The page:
Once that trust is established, then the question of how to best serve that community comes into play. A study in BMC Health Services wanted to examine what type of approach could assist people experiencing homelessness, and the conclusion was simple: going out and supplying health services to people who need it most. The researchers, who conducted the study in Glasgow, United Kingdom, stated “A proactive, informal, flexible, holistic and person-centred outreach service delivered within homelessness service settings and on the street can act as a valuable bridge to both primary and secondary healthcare for people experiencing homelessness who would otherwise ‘fall through the gaps’ of provision.”5 Researchers from a study cited earlier, when describing health care professionals, said “Respondents indicated lack of knowledge, skills, intentions as well as contextual factors such as lack of guidelines impacted on their counselling and management of homeless patients.”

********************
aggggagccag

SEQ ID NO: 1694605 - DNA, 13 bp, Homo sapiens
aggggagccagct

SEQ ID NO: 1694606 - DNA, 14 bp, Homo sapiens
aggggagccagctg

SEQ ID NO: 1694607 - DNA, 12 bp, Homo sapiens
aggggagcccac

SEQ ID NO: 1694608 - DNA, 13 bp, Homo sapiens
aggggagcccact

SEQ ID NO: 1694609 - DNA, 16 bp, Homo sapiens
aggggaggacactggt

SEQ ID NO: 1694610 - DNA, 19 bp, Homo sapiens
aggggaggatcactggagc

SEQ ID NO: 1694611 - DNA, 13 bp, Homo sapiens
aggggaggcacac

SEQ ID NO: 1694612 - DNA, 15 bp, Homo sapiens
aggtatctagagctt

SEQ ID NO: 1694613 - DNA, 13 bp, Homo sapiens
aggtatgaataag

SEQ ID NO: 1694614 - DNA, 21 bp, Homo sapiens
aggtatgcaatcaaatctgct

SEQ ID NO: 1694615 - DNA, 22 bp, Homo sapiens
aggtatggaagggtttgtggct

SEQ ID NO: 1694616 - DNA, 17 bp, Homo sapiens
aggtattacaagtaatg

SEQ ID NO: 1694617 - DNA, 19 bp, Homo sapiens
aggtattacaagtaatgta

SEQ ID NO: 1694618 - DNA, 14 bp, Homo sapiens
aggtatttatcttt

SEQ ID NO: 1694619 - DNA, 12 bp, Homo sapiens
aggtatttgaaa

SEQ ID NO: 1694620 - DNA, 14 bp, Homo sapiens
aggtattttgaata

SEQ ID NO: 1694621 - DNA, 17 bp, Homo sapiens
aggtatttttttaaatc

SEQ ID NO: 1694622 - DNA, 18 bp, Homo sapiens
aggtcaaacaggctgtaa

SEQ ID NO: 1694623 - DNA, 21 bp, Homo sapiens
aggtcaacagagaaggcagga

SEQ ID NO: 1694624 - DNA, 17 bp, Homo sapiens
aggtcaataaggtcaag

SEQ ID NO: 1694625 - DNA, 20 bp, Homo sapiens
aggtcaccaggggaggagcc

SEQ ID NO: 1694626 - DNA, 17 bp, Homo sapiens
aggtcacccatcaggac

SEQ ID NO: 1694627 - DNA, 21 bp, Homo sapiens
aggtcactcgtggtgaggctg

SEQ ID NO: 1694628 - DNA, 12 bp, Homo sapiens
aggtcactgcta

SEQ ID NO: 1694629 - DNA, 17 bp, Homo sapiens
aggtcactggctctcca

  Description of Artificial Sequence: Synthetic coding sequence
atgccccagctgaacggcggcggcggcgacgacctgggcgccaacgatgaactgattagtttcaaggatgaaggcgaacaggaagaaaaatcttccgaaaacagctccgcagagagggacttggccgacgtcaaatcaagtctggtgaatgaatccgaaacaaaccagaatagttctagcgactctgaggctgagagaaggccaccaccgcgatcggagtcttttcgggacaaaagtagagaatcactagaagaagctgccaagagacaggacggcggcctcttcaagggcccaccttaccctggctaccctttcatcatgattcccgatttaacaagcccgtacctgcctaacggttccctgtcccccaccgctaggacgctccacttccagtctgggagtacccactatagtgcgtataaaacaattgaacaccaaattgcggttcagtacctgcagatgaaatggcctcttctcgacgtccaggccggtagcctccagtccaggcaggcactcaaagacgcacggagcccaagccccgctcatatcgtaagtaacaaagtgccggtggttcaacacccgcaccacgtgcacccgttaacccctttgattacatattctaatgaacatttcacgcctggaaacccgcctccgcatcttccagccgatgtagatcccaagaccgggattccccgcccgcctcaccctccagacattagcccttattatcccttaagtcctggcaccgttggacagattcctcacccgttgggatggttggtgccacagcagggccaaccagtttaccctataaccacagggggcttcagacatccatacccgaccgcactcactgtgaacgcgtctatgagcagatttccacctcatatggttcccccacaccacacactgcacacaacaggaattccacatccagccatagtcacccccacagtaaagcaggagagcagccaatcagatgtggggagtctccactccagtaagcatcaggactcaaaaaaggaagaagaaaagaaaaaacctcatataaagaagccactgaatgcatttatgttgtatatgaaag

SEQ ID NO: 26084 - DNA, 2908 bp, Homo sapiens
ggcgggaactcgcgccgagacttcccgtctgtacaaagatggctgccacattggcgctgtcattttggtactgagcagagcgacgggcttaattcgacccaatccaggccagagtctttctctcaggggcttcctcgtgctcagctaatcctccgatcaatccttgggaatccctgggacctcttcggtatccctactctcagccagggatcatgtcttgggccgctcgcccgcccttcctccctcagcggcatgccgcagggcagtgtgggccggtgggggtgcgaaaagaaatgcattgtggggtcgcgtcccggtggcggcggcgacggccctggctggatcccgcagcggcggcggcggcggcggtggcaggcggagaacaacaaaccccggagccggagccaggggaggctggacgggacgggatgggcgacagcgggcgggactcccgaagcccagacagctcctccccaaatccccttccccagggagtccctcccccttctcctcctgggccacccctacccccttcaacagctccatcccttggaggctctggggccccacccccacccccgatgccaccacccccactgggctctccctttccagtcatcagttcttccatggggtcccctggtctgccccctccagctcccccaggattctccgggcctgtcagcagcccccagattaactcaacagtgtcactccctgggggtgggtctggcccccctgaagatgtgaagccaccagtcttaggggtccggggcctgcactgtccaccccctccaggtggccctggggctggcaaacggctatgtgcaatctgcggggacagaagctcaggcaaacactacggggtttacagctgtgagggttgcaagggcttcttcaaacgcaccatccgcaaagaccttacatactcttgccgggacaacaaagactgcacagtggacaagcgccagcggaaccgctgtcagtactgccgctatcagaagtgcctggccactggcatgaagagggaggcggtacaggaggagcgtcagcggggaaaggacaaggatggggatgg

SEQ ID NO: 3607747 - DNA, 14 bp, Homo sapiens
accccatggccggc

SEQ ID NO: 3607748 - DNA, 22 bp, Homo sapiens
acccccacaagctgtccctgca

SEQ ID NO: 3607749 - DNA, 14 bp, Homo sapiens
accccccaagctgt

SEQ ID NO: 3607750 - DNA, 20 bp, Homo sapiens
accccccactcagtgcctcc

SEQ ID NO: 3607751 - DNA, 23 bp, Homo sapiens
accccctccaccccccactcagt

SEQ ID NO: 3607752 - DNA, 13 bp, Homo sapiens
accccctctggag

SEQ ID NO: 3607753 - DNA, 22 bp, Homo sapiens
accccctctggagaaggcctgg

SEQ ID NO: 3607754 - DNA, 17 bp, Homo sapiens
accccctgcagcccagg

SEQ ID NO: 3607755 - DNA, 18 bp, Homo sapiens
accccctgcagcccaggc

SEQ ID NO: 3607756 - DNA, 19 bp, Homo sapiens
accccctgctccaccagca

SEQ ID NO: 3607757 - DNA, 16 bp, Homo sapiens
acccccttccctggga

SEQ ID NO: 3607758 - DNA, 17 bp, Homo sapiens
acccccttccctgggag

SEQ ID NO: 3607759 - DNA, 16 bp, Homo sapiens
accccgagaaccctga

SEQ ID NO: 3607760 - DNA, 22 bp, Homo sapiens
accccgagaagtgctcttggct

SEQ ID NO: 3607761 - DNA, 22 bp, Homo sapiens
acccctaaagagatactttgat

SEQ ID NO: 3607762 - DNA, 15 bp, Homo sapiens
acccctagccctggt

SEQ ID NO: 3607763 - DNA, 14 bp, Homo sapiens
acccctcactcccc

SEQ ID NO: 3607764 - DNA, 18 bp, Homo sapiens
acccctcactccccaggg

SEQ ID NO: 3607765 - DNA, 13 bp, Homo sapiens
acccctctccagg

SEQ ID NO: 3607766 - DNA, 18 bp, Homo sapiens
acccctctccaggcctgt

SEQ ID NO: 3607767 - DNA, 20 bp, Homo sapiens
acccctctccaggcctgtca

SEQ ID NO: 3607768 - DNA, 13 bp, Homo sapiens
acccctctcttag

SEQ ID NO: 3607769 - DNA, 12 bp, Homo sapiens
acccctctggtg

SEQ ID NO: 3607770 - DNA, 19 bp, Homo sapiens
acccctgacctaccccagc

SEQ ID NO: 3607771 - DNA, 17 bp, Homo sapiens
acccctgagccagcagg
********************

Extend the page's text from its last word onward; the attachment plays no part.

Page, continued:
It must also be noted that a fair amount of these studies were done in the United Kingdom, a region with a more accessible health care system. In the United States, a country where well over half of all health insurance is private, and for-profit entities essentially run the market, professionals may run into more obstacles along the way. Nevertheless, the problems facing the homeless populations in both areas essentially mirror one another.